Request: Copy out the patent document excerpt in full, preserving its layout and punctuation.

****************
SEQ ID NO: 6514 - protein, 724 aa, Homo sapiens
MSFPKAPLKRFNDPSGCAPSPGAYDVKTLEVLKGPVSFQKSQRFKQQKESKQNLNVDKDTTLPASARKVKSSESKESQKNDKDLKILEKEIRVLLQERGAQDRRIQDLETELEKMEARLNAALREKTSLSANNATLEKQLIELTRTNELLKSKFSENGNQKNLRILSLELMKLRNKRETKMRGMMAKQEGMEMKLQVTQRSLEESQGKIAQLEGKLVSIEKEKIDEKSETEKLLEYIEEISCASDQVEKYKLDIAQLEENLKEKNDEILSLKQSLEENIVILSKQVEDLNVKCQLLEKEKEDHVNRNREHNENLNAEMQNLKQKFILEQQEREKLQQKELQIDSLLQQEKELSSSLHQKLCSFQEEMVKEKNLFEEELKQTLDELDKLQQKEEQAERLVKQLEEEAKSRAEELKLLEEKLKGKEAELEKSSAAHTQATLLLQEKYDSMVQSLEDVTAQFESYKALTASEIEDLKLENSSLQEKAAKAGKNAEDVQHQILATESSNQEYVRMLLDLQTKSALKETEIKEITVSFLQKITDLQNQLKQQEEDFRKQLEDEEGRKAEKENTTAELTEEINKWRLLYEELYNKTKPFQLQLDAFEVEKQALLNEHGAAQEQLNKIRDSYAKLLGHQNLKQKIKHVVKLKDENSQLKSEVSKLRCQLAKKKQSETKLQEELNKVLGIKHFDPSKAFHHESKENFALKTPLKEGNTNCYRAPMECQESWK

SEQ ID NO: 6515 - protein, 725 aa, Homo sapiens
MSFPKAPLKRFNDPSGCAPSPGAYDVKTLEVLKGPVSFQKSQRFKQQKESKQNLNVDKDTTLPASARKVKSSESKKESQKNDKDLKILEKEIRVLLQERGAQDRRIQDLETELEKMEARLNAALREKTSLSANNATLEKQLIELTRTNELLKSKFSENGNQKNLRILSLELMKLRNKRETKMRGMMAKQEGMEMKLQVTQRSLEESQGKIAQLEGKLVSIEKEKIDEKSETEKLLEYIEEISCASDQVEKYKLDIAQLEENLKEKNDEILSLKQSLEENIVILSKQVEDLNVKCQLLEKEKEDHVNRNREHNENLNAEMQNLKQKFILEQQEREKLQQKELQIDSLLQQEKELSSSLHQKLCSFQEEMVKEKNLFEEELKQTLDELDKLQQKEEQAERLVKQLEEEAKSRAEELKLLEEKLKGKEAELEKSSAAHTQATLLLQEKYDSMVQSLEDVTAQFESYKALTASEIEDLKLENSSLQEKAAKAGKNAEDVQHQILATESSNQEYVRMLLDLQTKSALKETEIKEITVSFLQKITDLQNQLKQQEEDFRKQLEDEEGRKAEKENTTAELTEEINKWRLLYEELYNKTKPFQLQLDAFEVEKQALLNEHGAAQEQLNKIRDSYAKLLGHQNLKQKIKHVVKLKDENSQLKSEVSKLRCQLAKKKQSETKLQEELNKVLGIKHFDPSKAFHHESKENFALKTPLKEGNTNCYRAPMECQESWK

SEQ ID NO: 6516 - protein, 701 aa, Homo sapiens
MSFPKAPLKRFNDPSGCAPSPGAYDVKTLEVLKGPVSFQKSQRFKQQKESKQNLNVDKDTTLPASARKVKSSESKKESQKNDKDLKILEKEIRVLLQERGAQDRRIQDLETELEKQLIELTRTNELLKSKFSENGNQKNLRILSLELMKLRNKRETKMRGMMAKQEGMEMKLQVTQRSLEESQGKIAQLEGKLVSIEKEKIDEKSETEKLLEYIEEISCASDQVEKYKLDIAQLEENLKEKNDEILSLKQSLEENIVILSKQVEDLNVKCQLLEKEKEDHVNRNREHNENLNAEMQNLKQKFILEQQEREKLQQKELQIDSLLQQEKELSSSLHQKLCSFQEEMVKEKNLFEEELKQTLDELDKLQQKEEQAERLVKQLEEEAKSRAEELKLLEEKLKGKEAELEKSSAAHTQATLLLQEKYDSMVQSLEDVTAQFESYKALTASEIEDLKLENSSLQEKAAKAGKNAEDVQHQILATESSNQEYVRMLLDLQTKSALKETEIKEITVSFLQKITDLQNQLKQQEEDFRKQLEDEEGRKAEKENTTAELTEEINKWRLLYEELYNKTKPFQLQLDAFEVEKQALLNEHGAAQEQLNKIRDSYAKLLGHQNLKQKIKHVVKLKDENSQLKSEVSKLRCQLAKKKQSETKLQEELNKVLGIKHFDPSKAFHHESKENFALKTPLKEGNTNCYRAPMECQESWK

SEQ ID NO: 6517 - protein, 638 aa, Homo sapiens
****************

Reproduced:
SEQ ID NO: 6514 - protein, 724 aa, Homo sapiens
MSFPKAPLKRFNDPSGCAPSPGAYDVKTLEVLKGPVSFQKSQRFKQQKESKQNLNVDKDTTLPASARKVKSSESKESQKNDKDLKILEKEIRVLLQERGAQDRRIQDLETELEKMEARLNAALREKTSLSANNATLEKQLIELTRTNELLKSKFSENGNQKNLRILSLELMKLRNKRETKMRGMMAKQEGMEMKLQVTQRSLEESQGKIAQLEGKLVSIEKEKIDEKSETEKLLEYIEEISCASDQVEKYKLDIAQLEENLKEKNDEILSLKQSLEENIVILSKQVEDLNVKCQLLEKEKEDHVNRNREHNENLNAEMQNLKQKFILEQQEREKLQQKELQIDSLLQQEKELSSSLHQKLCSFQEEMVKEKNLFEEELKQTLDELDKLQQKEEQAERLVKQLEEEAKSRAEELKLLEEKLKGKEAELEKSSAAHTQATLLLQEKYDSMVQSLEDVTAQFESYKALTASEIEDLKLENSSLQEKAAKAGKNAEDVQHQILATESSNQEYVRMLLDLQTKSALKETEIKEITVSFLQKITDLQNQLKQQEEDFRKQLEDEEGRKAEKENTTAELTEEINKWRLLYEELYNKTKPFQLQLDAFEVEKQALLNEHGAAQEQLNKIRDSYAKLLGHQNLKQKIKHVVKLKDENSQLKSEVSKLRCQLAKKKQSETKLQEELNKVLGIKHFDPSKAFHHESKENFALKTPLKEGNTNCYRAPMECQESWK

SEQ ID NO: 6515 - protein, 725 aa, Homo sapiens
MSFPKAPLKRFNDPSGCAPSPGAYDVKTLEVLKGPVSFQKSQRFKQQKESKQNLNVDKDTTLPASARKVKSSESKKESQKNDKDLKILEKEIRVLLQERGAQDRRIQDLETELEKMEARLNAALREKTSLSANNATLEKQLIELTRTNELLKSKFSENGNQKNLRILSLELMKLRNKRETKMRGMMAKQEGMEMKLQVTQRSLEESQGKIAQLEGKLVSIEKEKIDEKSETEKLLEYIEEISCASDQVEKYKLDIAQLEENLKEKNDEILSLKQSLEENIVILSKQVEDLNVKCQLLEKEKEDHVNRNREHNENLNAEMQNLKQKFILEQQEREKLQQKELQIDSLLQQEKELSSSLHQKLCSFQEEMVKEKNLFEEELKQTLDELDKLQQKEEQAERLVKQLEEEAKSRAEELKLLEEKLKGKEAELEKSSAAHTQATLLLQEKYDSMVQSLEDVTAQFESYKALTASEIEDLKLENSSLQEKAAKAGKNAEDVQHQILATESSNQEYVRMLLDLQTKSALKETEIKEITVSFLQKITDLQNQLKQQEEDFRKQLEDEEGRKAEKENTTAELTEEINKWRLLYEELYNKTKPFQLQLDAFEVEKQALLNEHGAAQEQLNKIRDSYAKLLGHQNLKQKIKHVVKLKDENSQLKSEVSKLRCQLAKKKQSETKLQEELNKVLGIKHFDPSKAFHHESKENFALKTPLKEGNTNCYRAPMECQESWK

SEQ ID NO: 6516 - protein, 701 aa, Homo sapiens
MSFPKAPLKRFNDPSGCAPSPGAYDVKTLEVLKGPVSFQKSQRFKQQKESKQNLNVDKDTTLPASARKVKSSESKKESQKNDKDLKILEKEIRVLLQERGAQDRRIQDLETELEKQLIELTRTNELLKSKFSENGNQKNLRILSLELMKLRNKRETKMRGMMAKQEGMEMKLQVTQRSLEESQGKIAQLEGKLVSIEKEKIDEKSETEKLLEYIEEISCASDQVEKYKLDIAQLEENLKEKNDEILSLKQSLEENIVILSKQVEDLNVKCQLLEKEKEDHVNRNREHNENLNAEMQNLKQKFILEQQEREKLQQKELQIDSLLQQEKELSSSLHQKLCSFQEEMVKEKNLFEEELKQTLDELDKLQQKEEQAERLVKQLEEEAKSRAEELKLLEEKLKGKEAELEKSSAAHTQATLLLQEKYDSMVQSLEDVTAQFESYKALTASEIEDLKLENSSLQEKAAKAGKNAEDVQHQILATESSNQEYVRMLLDLQTKSALKETEIKEITVSFLQKITDLQNQLKQQEEDFRKQLEDEEGRKAEKENTTAELTEEINKWRLLYEELYNKTKPFQLQLDAFEVEKQALLNEHGAAQEQLNKIRDSYAKLLGHQNLKQKIKHVVKLKDENSQLKSEVSKLRCQLAKKKQSETKLQEELNKVLGIKHFDPSKAFHHESKENFALKTPLKEGNTNCYRAPMECQESWK

SEQ ID NO: 6517 - protein, 638 aa, Homo sapiens